Exchange Students Become the First Group on Campus to Gain Senate Representation
story | Alysha Chandra, Editor-in-Chief
photo | Jiang Haolie
Since November 2018, students belonging to affinity or interest groups are now able to get direct representation in the Student Government Senate. Exchange students are the first to gain representation, with Elias König and Mina Aoki joining the Senate this semester.
Members of the Senate, which used to only consist of Class Representatives and the Speaker, can create, pass and vote on resolutions that the Student Government Executive is constitutionally bound to carry out. Student Senators are nominated and directly elected by members of affinity and identity groups on campus. The Speaker defines affinity groups as those that share a common identity such as nationality, religion or gender identity, while interest groups are groups with a shared goal or activity, such as environmentalists or mental health advocates. Each recognized group may elect up to three Student Senator representatives depending on its size.
Speaker Jiang Haolie ’21 explained that the Senate itself is relatively new, created after reforms carried out by the previous Student Government over the summer of 2018, catalyzed by the March 2018 sit-in protest. As the representative of the student body, the Senate is tasked with aggregating student concerns and turning these concerns into actionables that the Executive has to carry out. Last semester, the Senate passed four resolutions advocating for more attention to be paid to issues of academic workloads, wellness and campus sustainability.
Student Government President Scott Chua ’20 said, “A Senate populated by a diverse student groups allows the student body to draw upon a coalition of student causes and sustain advocacy across long durations of many months or even years that students acting individually may find difficult.”
König told The Octant that there were quite a few politically interested exchange students last semester, many of whom regularly attended town hall meetings and helped in committees like the Election Committee. He said, “As exchange students are not allowed to vote or run in the regular student government elections, the Senate seems like a good way to be involved even more actively in the Student Government.” He added that “quite a number” of exchange students have done Student Government work at their home institutions, making the Senate an opportunity to share knowledge and experiences.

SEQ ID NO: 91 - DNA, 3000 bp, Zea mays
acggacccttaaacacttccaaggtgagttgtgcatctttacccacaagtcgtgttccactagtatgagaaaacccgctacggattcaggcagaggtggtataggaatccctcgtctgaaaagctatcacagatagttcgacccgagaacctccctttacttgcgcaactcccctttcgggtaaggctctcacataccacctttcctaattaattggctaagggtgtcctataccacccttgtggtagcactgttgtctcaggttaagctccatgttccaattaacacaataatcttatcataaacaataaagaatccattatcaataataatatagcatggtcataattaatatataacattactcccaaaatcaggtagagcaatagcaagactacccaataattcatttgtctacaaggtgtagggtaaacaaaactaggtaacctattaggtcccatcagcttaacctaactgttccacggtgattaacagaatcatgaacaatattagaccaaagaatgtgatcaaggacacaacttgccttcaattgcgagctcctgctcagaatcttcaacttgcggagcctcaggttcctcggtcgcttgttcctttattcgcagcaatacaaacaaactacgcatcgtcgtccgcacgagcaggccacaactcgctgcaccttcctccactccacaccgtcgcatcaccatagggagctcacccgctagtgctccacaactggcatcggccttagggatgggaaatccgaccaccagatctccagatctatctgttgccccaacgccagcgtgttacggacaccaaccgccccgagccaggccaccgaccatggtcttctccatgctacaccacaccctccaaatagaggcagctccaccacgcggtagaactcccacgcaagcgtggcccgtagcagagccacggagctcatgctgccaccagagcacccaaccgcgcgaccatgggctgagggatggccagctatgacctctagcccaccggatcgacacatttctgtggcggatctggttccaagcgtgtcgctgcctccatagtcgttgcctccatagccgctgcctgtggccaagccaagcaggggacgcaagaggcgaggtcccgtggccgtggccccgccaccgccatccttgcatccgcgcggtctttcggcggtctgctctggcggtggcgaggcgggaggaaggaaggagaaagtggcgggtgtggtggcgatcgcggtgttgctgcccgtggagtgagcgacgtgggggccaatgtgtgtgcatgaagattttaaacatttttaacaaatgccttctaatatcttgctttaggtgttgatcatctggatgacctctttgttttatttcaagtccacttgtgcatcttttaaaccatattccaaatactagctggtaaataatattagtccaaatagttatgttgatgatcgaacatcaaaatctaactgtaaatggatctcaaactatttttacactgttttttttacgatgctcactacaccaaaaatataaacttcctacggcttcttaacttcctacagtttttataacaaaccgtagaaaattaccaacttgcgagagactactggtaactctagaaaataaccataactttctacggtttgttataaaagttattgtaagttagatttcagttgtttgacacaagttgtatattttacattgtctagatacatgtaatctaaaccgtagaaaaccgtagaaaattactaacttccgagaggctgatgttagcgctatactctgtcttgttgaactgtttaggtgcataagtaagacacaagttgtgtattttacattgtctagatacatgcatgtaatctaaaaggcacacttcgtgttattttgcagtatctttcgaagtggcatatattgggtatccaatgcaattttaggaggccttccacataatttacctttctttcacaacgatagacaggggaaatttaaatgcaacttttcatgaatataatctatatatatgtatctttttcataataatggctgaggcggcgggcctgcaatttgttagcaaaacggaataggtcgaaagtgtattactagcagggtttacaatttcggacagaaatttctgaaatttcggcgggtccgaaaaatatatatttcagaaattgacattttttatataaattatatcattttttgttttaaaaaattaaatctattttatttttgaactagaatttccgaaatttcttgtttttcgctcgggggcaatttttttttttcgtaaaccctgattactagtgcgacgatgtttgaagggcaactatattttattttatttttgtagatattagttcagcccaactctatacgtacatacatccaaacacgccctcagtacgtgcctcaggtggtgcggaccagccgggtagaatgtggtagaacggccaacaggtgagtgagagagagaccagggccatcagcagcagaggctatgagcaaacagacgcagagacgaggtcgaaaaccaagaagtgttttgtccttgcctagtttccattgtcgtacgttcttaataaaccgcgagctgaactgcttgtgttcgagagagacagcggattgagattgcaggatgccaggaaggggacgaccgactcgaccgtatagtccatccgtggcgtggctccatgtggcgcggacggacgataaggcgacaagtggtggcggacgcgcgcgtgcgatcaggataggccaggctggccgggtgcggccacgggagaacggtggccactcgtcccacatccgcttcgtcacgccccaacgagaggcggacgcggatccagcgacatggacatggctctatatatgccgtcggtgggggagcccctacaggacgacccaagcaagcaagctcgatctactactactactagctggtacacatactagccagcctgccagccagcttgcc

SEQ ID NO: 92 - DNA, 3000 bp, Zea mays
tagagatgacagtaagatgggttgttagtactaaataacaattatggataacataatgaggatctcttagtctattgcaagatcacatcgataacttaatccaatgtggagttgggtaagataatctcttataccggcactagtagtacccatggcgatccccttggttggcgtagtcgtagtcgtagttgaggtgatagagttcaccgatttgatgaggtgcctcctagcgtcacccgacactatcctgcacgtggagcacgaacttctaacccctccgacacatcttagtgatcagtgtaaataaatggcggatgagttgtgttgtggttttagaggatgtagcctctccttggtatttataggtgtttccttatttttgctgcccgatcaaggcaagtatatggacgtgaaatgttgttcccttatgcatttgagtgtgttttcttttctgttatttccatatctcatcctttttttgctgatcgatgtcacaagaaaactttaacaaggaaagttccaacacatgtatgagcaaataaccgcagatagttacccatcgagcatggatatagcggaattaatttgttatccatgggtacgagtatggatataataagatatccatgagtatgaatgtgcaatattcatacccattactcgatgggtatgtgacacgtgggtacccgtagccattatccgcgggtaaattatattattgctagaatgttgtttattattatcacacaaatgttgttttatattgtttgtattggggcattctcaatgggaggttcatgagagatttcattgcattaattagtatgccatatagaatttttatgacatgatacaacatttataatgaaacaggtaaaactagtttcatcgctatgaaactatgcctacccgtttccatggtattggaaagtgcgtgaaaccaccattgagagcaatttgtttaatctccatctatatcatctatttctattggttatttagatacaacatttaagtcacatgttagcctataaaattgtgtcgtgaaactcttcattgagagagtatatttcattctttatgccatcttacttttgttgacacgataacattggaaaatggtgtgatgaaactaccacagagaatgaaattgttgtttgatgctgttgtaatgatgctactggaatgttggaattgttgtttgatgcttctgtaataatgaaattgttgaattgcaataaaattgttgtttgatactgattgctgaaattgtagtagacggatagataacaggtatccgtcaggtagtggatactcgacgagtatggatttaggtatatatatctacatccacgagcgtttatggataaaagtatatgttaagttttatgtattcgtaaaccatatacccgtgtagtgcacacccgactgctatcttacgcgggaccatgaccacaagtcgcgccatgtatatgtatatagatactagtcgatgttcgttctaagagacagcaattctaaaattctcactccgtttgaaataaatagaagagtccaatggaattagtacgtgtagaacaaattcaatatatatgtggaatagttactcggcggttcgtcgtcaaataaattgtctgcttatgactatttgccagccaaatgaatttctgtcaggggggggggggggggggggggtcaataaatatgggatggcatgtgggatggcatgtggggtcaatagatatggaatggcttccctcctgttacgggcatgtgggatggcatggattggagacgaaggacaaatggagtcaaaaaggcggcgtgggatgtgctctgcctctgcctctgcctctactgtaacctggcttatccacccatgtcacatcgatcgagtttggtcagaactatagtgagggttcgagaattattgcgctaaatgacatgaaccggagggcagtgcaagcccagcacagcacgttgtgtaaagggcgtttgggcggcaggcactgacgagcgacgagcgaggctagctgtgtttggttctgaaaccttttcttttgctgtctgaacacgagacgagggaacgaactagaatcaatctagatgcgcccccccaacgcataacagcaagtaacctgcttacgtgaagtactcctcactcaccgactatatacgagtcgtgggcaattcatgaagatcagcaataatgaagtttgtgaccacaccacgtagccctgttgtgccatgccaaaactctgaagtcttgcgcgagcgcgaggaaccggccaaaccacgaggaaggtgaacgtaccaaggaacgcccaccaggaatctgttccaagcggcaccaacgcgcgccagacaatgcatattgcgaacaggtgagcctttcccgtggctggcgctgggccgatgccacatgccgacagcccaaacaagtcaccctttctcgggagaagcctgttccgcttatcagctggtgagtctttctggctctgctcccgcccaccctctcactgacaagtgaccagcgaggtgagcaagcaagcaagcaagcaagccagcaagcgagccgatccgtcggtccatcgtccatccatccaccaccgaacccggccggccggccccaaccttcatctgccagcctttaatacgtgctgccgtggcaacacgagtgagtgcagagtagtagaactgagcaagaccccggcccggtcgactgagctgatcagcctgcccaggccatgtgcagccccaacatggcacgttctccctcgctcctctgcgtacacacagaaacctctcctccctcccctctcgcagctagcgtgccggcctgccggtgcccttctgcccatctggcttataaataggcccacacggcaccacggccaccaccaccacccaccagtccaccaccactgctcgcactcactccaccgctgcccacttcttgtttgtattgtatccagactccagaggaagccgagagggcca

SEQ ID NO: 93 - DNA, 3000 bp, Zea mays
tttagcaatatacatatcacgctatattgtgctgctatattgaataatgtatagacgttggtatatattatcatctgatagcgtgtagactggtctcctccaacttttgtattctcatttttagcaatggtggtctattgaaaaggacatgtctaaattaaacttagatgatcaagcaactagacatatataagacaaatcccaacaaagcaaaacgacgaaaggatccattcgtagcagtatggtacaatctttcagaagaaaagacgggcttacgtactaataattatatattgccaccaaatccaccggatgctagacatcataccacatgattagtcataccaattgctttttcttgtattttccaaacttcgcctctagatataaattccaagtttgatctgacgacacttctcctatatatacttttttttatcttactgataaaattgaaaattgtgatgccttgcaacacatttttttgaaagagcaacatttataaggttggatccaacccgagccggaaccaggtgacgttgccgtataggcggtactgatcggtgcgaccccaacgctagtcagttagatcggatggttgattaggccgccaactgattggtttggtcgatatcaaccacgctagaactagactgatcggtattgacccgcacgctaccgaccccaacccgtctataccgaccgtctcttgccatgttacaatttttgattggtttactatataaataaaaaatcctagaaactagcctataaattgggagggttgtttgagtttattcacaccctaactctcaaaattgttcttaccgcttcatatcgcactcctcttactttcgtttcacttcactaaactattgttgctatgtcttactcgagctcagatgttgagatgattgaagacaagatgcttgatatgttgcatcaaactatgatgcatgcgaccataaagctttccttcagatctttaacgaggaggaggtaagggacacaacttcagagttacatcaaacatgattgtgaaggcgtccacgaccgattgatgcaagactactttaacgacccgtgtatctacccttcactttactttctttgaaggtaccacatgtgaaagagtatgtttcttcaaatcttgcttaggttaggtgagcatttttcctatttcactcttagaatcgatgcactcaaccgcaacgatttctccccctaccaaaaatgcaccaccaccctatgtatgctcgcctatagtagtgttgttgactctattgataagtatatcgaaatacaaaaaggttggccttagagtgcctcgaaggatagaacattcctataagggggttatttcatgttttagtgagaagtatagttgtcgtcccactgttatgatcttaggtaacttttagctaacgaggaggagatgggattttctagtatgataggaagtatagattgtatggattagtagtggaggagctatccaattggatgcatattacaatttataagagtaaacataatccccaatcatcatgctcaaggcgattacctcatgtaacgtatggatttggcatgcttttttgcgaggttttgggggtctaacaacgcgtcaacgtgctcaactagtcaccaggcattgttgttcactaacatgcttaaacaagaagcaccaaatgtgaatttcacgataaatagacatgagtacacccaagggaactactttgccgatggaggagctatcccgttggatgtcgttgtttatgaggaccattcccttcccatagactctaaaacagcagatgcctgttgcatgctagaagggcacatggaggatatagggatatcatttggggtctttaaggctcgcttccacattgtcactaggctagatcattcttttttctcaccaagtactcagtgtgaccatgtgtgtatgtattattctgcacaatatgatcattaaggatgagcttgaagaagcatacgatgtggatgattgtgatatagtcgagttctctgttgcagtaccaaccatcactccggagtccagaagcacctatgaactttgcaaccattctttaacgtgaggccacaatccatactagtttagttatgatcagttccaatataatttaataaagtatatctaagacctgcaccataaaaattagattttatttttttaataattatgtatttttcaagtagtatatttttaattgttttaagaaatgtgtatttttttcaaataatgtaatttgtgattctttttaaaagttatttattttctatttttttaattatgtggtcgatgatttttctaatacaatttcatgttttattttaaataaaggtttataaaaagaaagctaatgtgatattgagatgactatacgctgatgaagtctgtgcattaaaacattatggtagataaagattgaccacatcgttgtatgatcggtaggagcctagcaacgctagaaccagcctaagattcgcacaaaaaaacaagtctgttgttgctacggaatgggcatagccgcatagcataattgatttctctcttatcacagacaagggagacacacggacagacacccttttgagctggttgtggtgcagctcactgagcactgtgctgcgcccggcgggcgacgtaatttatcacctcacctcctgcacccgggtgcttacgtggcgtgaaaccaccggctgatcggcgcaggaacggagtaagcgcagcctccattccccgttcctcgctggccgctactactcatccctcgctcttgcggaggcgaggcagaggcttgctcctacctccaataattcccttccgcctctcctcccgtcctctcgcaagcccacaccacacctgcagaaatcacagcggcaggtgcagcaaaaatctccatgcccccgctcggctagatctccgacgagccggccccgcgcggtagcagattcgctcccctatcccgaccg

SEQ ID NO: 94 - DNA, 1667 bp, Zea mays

Aoki pointed out that this semester’s batch of 45 exchange students is the biggest Yale-NUS College has ever received. “For many students, especially year-long students, our study abroad destination is one of the hardest decisions to make, and it does not seem right to continue the lack of representation for those who went the extra mile to be here,” she said.
However, not all exchange students seek this representation. Exchange student Konstantin Wegner said, “I don’t care too much, and I don’t think the other exchangers do either. I feel like Student Government can’t get much done anyway.”
Still, König noted that there are issues on campus that relate specifically to exchange students, such as problems in OrgSync that made it impossible for exchange students to take up leadership positions in student organizations. He said that exchange students gaining the right to vote in Student Government elections will be a priority for him this semester, while Aoki said that she would like to improve communications between full-time and exchange students and explore ways exchange students can more easily integrate with the student body.
Students who are interested in seeking representation on the Senate have to approach the Speaker or Class Representatives with at least 10 digital or physical signatures of currently matriculated students who intend to be recognized as an affinity or interest group, with groups that are unable to obtain 10 signatures having the option of appealing directly to the Speaker.
More information on the Senate can be found here.
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